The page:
Kathy A. Preece v. Texas Department of Family and Protective Services--Appeal from 198th District Court of McCulloch County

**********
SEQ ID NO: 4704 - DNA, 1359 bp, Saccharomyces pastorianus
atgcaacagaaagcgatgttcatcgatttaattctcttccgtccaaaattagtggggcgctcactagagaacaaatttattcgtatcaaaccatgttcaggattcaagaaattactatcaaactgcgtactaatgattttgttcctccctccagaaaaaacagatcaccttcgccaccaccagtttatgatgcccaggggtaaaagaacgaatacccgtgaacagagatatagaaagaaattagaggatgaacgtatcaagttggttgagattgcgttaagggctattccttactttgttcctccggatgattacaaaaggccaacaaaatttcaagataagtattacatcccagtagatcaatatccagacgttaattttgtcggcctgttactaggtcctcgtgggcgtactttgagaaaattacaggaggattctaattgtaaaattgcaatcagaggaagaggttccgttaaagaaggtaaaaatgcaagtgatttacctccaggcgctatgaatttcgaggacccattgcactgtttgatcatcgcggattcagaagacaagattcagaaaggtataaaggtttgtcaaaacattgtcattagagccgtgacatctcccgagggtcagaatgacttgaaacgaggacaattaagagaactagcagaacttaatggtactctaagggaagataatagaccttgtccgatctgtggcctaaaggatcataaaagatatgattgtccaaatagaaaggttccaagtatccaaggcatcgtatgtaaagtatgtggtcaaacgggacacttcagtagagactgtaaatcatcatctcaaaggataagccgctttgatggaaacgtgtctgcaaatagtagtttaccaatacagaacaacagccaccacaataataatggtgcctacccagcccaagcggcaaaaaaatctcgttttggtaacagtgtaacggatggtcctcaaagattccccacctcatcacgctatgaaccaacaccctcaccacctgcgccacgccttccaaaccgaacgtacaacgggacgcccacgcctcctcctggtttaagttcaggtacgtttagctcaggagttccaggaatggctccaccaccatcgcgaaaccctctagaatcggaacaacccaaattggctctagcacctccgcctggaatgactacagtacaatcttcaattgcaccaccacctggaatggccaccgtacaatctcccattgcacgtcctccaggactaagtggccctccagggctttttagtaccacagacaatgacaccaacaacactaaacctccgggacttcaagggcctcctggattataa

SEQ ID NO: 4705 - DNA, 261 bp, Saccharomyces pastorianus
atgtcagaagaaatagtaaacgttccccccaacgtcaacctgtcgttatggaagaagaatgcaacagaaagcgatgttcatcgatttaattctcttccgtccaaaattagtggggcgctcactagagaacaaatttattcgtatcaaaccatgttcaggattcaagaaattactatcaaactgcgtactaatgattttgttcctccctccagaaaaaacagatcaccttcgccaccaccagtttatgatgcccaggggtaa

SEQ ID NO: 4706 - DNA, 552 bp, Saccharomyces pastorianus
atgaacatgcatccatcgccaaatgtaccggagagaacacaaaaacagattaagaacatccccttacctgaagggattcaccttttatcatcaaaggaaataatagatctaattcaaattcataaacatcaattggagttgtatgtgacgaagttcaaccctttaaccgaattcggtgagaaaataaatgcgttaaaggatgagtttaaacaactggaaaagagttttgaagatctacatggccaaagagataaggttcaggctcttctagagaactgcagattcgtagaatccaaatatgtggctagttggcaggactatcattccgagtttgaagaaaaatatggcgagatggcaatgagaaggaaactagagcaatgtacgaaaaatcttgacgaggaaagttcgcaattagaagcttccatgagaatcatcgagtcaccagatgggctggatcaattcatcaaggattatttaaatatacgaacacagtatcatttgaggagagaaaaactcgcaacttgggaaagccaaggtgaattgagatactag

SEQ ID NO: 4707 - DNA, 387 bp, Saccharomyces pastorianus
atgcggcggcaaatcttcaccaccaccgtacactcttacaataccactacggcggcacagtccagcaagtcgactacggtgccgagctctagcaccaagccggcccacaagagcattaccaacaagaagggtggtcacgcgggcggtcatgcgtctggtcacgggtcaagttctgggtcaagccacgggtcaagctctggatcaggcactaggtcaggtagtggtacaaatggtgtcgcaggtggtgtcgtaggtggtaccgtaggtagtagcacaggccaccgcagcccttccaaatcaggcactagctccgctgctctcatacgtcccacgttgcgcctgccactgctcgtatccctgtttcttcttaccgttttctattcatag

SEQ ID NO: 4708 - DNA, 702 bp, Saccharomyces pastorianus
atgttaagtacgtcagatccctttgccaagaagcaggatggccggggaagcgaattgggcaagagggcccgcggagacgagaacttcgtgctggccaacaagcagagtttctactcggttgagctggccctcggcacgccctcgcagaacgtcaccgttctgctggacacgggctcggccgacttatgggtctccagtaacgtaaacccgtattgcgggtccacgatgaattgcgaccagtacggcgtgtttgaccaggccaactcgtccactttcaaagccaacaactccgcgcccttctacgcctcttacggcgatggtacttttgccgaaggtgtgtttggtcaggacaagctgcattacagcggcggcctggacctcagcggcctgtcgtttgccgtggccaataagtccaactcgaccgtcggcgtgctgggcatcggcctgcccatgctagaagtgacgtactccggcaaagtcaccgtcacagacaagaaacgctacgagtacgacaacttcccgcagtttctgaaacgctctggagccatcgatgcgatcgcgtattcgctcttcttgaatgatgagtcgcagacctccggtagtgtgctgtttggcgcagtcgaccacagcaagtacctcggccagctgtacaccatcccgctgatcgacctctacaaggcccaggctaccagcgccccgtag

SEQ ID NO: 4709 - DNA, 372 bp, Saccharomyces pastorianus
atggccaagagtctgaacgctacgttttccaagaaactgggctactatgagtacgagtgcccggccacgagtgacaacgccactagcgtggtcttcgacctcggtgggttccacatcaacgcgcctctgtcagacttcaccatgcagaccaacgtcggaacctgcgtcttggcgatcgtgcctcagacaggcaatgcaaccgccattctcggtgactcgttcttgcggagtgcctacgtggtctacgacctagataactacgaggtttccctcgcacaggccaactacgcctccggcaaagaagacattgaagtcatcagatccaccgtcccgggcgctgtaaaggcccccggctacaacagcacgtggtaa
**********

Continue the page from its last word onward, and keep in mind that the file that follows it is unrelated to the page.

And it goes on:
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TEXAS COURT OF APPEALS, THIRD DISTRICT, AT AUSTIN NO. 03-06-00098-CV Kathy A. Preece, Appellant v. Texas Department of Family and Protective Services, Appellee FROM THE DISTRICT COURT OF MCCULLOCH COUNTY, 198TH JUDICIAL DISTRICT NO. 2004113, HONORABLE EMIL KARL PROHL, JUDGE PRESIDING MEMORANDUM OPINION After a bench trial, the trial court found that appellant Kathy A. Preece s parental rights to her child A.L.M. should be terminated.1 Preece appeals, arguing that the evidence is legally and factually insufficient to support a finding that termination is in the child s best interest. She contends that termination was not in A.L.M. s best interest because A.L.M. and her attorney ad litem opposed termination, her foster father has a criminal record,2 and Preece proposed an alternative placement with one of A.L.M. s half-sisters. We affirm the trial court s order. 1 The parental rights of Marshall Morris, A.L.M. s father, were also terminated. Morris has not appealed from the termination of his rights. 2 Preece states that the foster father is a convicted felon, pointing to testimony in which Marshall Morris, A.L.M. s father, was asked if he had found out that CPS actually placed [A.L.M.] with a convicted felon. The Department objected to that question as hearsay and assuming facts not in evidence, and the trial court sustained the objection. Morris said that he did not personally know anything about the foster father except that he s the foster father of my daughter. He did not believe the foster parents were an appropriate placement for A.L.M., but said it was [j]ust based on their appearance. I don t know anything about either one of them personally. Factual Summary In September 2004, the Texas Department of Family and Protective Services filed its original petition seeking conservatorship of A.L.M., who was born in April 1999. The Department attached an affidavit in which Susan Neal, a Department caseworker, alleged that the Department received a report in July 2004 that A.L.M. s father, Marshall Morris, had failed to return the child after a visit and said that he would shoot A.L.M. and himself if anyone tried to take her from him. Both Morris and Preece were alleged to be using methamphetamine, and Preece was alleged to be without a home or means of support. The Department spoke to the parents, and Morris denied making any threats. Both parents agreed to a safety plan under which A.L.M. was placed with her maternal grandmother, Mary Louise Parker. The parents also agreed to work with the Department on resolving issues involving substance abuse, anger, and child custody. Preece moved in with A.L.M. and Parker in August 2004, but was admitted to the Kerrville State Hospital on August 17; she was released on September 4 and was diagnosed with major depressive disorder recurrent with psychotic features, substance dependence, and hypertension. After her release, she lived in a tent and with various relatives. On September 19, Morris, Preece, and Parker got into a disagreement about A.L.M. s care. The police were called, and the police called the Department, and Parker said she could no longer deal with the situation. Preece and Morris told the Department that Parker had allowed another of her daughters to care for A.L.M., and that the other daughter used drugs around A.L.M. Neal averred that the parents were unstable and fought in front of A.L.M., causing her emotional stress. 2 Neal testified at trial that Preece and her family called the Department to report that Morris had threatened to shoot A.L.M. and himself if anyone tried to take A.L.M. from him. Morris denied making any such threat and agreed to bring A.L.M. to a Department office; when he arrived, he declined to take a drug test, saying he would test positive for marijuana. The Department found that Morris had six arrests related to drug abuse and that Preece had four, and Morris told Neal that Preece was using methamphetamine. A.L.M., who was five at the time, was placed with her maternal grandmother, where she remained until September 2004, when Parker was no longer willing to be involved with the situation. Parker reported to the Department that both parents were still using drugs. Neal heard an audiotape of a phone call Preece made to Morris. Neal said it was Kathy Preece calling and cussing [Morris] out and threatening to burn his house down, and, of course, we could hear the child, [A.L.M.], screaming in the background, so she was hearing all this. Shortly after this, the Department removed A.L.M. from Parker s care and placed her in foster care. Linda Keys, another Department caseworker assigned to this case, testified that she had seen Morris on several occasions get angry and very out of control. He ll yell. He ll scream. He ll curse. He ll threaten. Preece repeatedly told Keys that she was afraid of Morris, that Morris was physically violent towards her, and that she had concerns about A.L.M. being around Morris, but then Preece would completely deny that. Very unrealistic in her manner of understanding safety and protection. Keys said that when Preece and Morris were together, they said they were happy and that there were no conflicts, but when they were separated, they would both almost tattle on each other, relating tales of infidelity, drug use, and stalking. The Department put Preece in touch with a drug counselor, but she eventually stopped attending those appointments altogether. Keys 3 said Preece is not a real stable person. I believe that she has mental health issues that are currently being addressed. She has illegal drug use issues that are not being addressed. I believe she also has a problem with alcohol. She has a medical condition, Hepatitis C, that I don t think she s getting any treatment for. Keys was also concerned because Preece had refused for several months to take any drug tests, even though it meant she could not have visitation with A.L.M. Keys testified that A.L.M. has hepatitis C and that currently there is no treatment for children with hepatitis C. However, A.L.M. had been tentatively accepted into a medical study in Fort Worth for a childhood hepatitis treatment; if either of her parents has custody, she probably will not be accepted into the program. Morris told Keys that he had not seen proof that A.L.M. had hepatitis and he did not want her to be cut open for the study. At one point, Morris got angry and said, Why do you even test children for Hepatitis C? [A.L.M.] shouldn t have been tested. Keys was astounded by Morris s reaction and testified that after Preece disclosed that she had hepatitis, it was standard protocol to immediately test A.L.M. Keys testified that A.L.M. s foster parents have expressed an interest in adopting her. Keys said A.L.M. had a very close relationship and was very bonded with her foster family. At trial, a question was raised for the first time as to whether A.L.M. s foster father had a criminal record. There was evidence that when he was nineteen or twenty years old, about fifteen years earlier, he took some money from the cash register where he worked; he was charged with theft and repaid what he had taken. Keys discussed the situation with her supervisor and stated that, if it was shown that it had been properly rectified[,] . . . it would not be something that would prevent a foster parent from being licensed. Keys testified that although A.L.M., who was six years old at 4 the time of trial, loves her parents and would like to live with them again, she also knows that they have drug problems and has been afraid living with them. A.L.M. was happy and thriving in her foster home, and Keys said termination was in A.L.M. s best interest because she has so much anxiety and so much hyper-awareness, and she needs a chance to be in a stable home soon. Asked whether it would be appropriate to place A.L.M. with Tandus Rizos, one of Morris s older daughters, and Rizos s husband and children, as advocated by Preece and Morris, Keys said a home study showed that although Rizos was a responsible and good parent to her own children, she and her husband were planning to move and there was a lot of instability. Further, Rizos has hepatitis A or B, but has not had any medical examinations in several years. Finally, Rizos did not get along with Preece, who made her feel threatened, and the Department worried that she would not be willing or able to keep A.L.M. away from Morris. Tandus Rizos was twenty-seven at time of trial, had been married for ten years, and had two children. She testified that she was willing to take care of A.L.M., as her father requested, and said she and her husband had just moved and rented a house near Houston. Rizos said that she had hepatitis B when she was eleven years old, but had undergone treatment and no longer had it. Rizos last saw A.L.M. in July 2005 and said A.L.M. was pretty excited to see her. She said she had a close relationship with Morris and talked to him every day. Rizos said that if she believed Morris was using drugs, she would keep him away from A.L.M. and that she would abide by a court order barring him from seeing A.L.M. However, Rizos did not believe Morris was using drugs currently or had a problem with drug addiction. 5 The Department s home study stated that Rizos knew her father had a history of domestic violence and drug abuse, but did not seem to grasp the severity and the extent of the problem, almost as if she does not want to admit to herself that her father is an addict. The home study concluded that A.L.M. should not be placed with Rizos because A.L.M. was well attached and bonded to her foster parents and [p]lacement in the Rizos home could be detrimental to the progress A.L.M. had made because A.L.M. was unfamiliar with Rizos s home and her contact with Rizos and her family has been minimal. The Department noted that the Rizoses had their own business and, therefore, a fluctuating income, and lacked consistent medical insurance. Further, Rizos was in close contact with Morris and there are no restrictions on his contact with Rizos s children, [t]herefore he would have contact, communication, and access with A.L.M. in Rizos s home. The Department believed that Rizos and her husband seem to be minimizing the severity of [A.L.M. s] medical condition, did not comprehend the seriousness of the disease [or] the extent and length of involvement necessary for A.L.M. to participate in the Fort Worth medical study, and did not seem to want to travel to Fort Worth if there are hospitals here. The Department had concerns as to how Mrs. Rizos would protect [A.L.M.] from her father and possibly her mother. Melodee Huggins, A.L.M. s counselor, testified that if A.L.M. were sent to live in Houston with Rizos, it would be devastating for her to be taken from the foster parents that she s currently with because she is very bonded with them. Huggins recently recommended that Morris s visits with A.L.M. be stopped because A.L.M. had come to believe that she would be going to live with him soon and that he was doing what he needed to do to regain custody. After her parents miss visitations, A.L.M. acts out, and she recently had been lying and stealing after a visit fell through. 6 Huggin said that although A.L.M. wants to have a relationship with her parents, Huggins believed it was in A.L.M. s best interest to let her move on with her life. She said A.L.M. knows that when she gets to be an adult, . . . she can go back and she can find them. Morris admitted that he had used marijuana and methamphetamine in the past, sometimes in A.L.M. s presence, but denied using drugs since July 2004. Morris took a drug test during trial, which came back positive for methamphetamine, but he denied using methamphetamine since July 2004 and said he did not know why the test showed a false positive. He denied threatening to shoot A.L.M. and himself and said that although he once brandished a gun during a fight, it was not loaded. In January 2005, he was arrested for assaulting Preece in the parking lot after an Alcoholics Anonymous meeting, but in February he and Preece reunited. At the time of trial, they had been separated for nine or ten months, but they were still on friendly terms. Preece testified that she was living in her mother s home, but that her home was not suitable for A.L.M. Preece wanted A.L.M. to be placed with Morris and if that was not possible, with Rizos. Preece said she lied when she told the police that Morris had threatened to shoot A.L.M., saying that she took her brother-in-law s word for it and later found out it was not true. She also said that a second incident in which she told the police that Morris had threatened to shoot her was not true and based on a lie told to her by her brother-in-law. Preece testified that she had refused to take the last several drug tests requested by the Department, but said she stopped using drugs in July 2004. A more recent drug test gave a positive result for methamphetamine, but she denied using drugs and said she was told by her doctor that the prescription drugs she was taking could have led to that result. 7 A.L.M. s attorney ad litem stated that his position was that the parents rights not be terminated at this time, but the Department remain the managing conservator, and that she would remain in foster care which would allow for a future modification if either Preece or Morris get their lives back together. A.L.M. s court-appointed representative recommended that the parents rights be terminated and that A.L.M. be placed for adoption. Discussion A parent s rights to her children may be terminated only if the Department proves and the trial court finds by clear and convincing evidence (1) that the parent has engaged in conduct set out as statutory grounds for termination, and (2) that termination is in the child s best interest. Tex. Fam. Code Ann. ยง 161.001 (West Supp. 2005); In re C.H., 89 S.W.3d 17, 23 (Tex. 2002). Evidence is clear and convincing if it produces in the fact-finder s mind a firm belief or conviction as to the truth of the State s allegations supporting termination. C.H., 89 S.W.3d at 25. In reviewing the legal sufficiency of the evidence, we consider all of the evidence in the light most favorable to the finding and ask whether a reasonable trier of fact could have formed a firm belief or conviction as to the truth of the finding. In re J.F.C., 96 S.W.3d 256, 266 (Tex. 2002). We review the factual sufficiency of the evidence by viewing all of the evidence and asking whether a reasonable fact-finder could have resolved disputed evidence in favor of its finding. Id. If a reasonable fact-finder could have resolved any evidentiary disputes so as to form a firm belief as to the truth of the State s allegations, the evidence is factually sufficient. Id.; C.H., 89 S.W.3d at 25. We must maintain appropriate deference to the trial court s role as fact-finder by assuming that it resolved 8 evidentiary conflicts in favor of its finding when reasonable to do so and by disregarding evidence that it could have disbelieved. J.F.C., 96 S.W.3d at 266-67. Some of the factors we consider in determining a child s best interests are: the child s wishes; her emotional and physical needs now and in the future; emotional or physical danger to the child now and in the future; the parenting abilities of the parties seeking custody; programs available to help those parties; plans for the child by the parties seeking custody; the stability of the proposed placement; the parent s conduct indicating that the parent-child relationship is improper; and any excuses for the parent s conduct. Holley v. Adams, 544 S.W.2d 367, 372 (Tex. 1976). Permanence is a compelling consideration in evaluating a child s present and future needs. In re T.D.C., 91 S.W.3d 865, 873 (Tex. App. Fort Worth 2002, pet. denied); see Lehman v. Lycoming County Children s Servs. Agency, 458 U.S. 502, 513 (1982) (children need stable, long-term relationships with caretakers). A fact-finder may compare the parent s and the Department s plans for a child and may consider the possible consequences of a decision not to terminate. See D.O. v. Texas Dep t of Human Servs., 851 S.W.2d 351, 358 (Tex. App. Austin 1993, no writ). Although there was evidence that A.L.M. loved her parents and hoped to return to their care, A.L.M. was six years old at the time of trial and even at that age recognized that her parents had drug abuse problems. She was present during fights between her parents and could be heard screaming in the background of one abusive and threatening call made to Morris by Preece. Rizos testified that she wanted and was able to care for A.L.M. and that she would protect A.L.M. from her parents if she was ordered to do so. However, the Department recommended against that placement because of concerns that Rizos would not exclude A.L.M. s parents from contact with her, 9 did not recognize the severity of A.L.M. s medical condition and did not seem willing to make a drive to Fort Worth to obtain medical treatment, and lacked consistent health insurance. Further, A.L.M. was unfamiliar with Rizos and her family, and the Department believed it would hurt her progress to uproot her from her stable foster home. The Department intended to keep A.L.M. with her foster parents, who might be willing to adopt her. A.L.M. had thrived in that placement and had bonded with her foster parents, and she was tentatively accepted into a medical study through which she could get a new treatment for hepatitis C. Neither Morris, Preece, nor Rizos seemed to comprehend the severity of A.L.M. s hepatitis, and both Morris and Preece recently tested positive for methamphetamine but denied using the drug. Preece had refused to take any drug tests for several months before trial even though that refusal meant she did not get to visit A.L.M. Preece had stopped seeing her drug counselor and the Department did not believe she was mentally stable. She had a pattern of reuniting and breaking up with Morris, who could get out of control when angry, and she would accuse him of physically abusing her and then recant her allegations. Although there was evidence that A.L.M. s foster father might have a criminal record from about fifteen years earlier, the Department looked into it and did not believe that the charge, if disposed of, would bar him from being a foster parent. None of the professionals assigned to A.L.M. s case opined that she should be placed with Rizos. A.L.M., a six-year-old child, wished to be reunited with her parents some day, and her attorney ad litem asked that she be left in her current placement with a possibility for reunification in the future. However, the Department s caseworkers, her counselor, and her court-appointed representative all believed termination and adoption was in her best interest. Based on this record, 10 and considering A.L.M. s medical condition, the stability and bonding of her foster placement, Preece s mental instability and substance abuse problem, the Department s concerns about a placement with Rizos and her family, and Preece s refusal to undergo further drug testing at the expense of her visitation with A.L.M., we hold that the evidence is both legally and factually sufficient to support a finding that termination is in A.L.M. s best interest. We overrule Preece s sole issue on appeal and affirm the trial court s order of termination. __________________________________________ David Puryear, Justice Before Chief Justice Law, Justices Puryear and Waldrop Affirmed Filed: August 30, 2006 11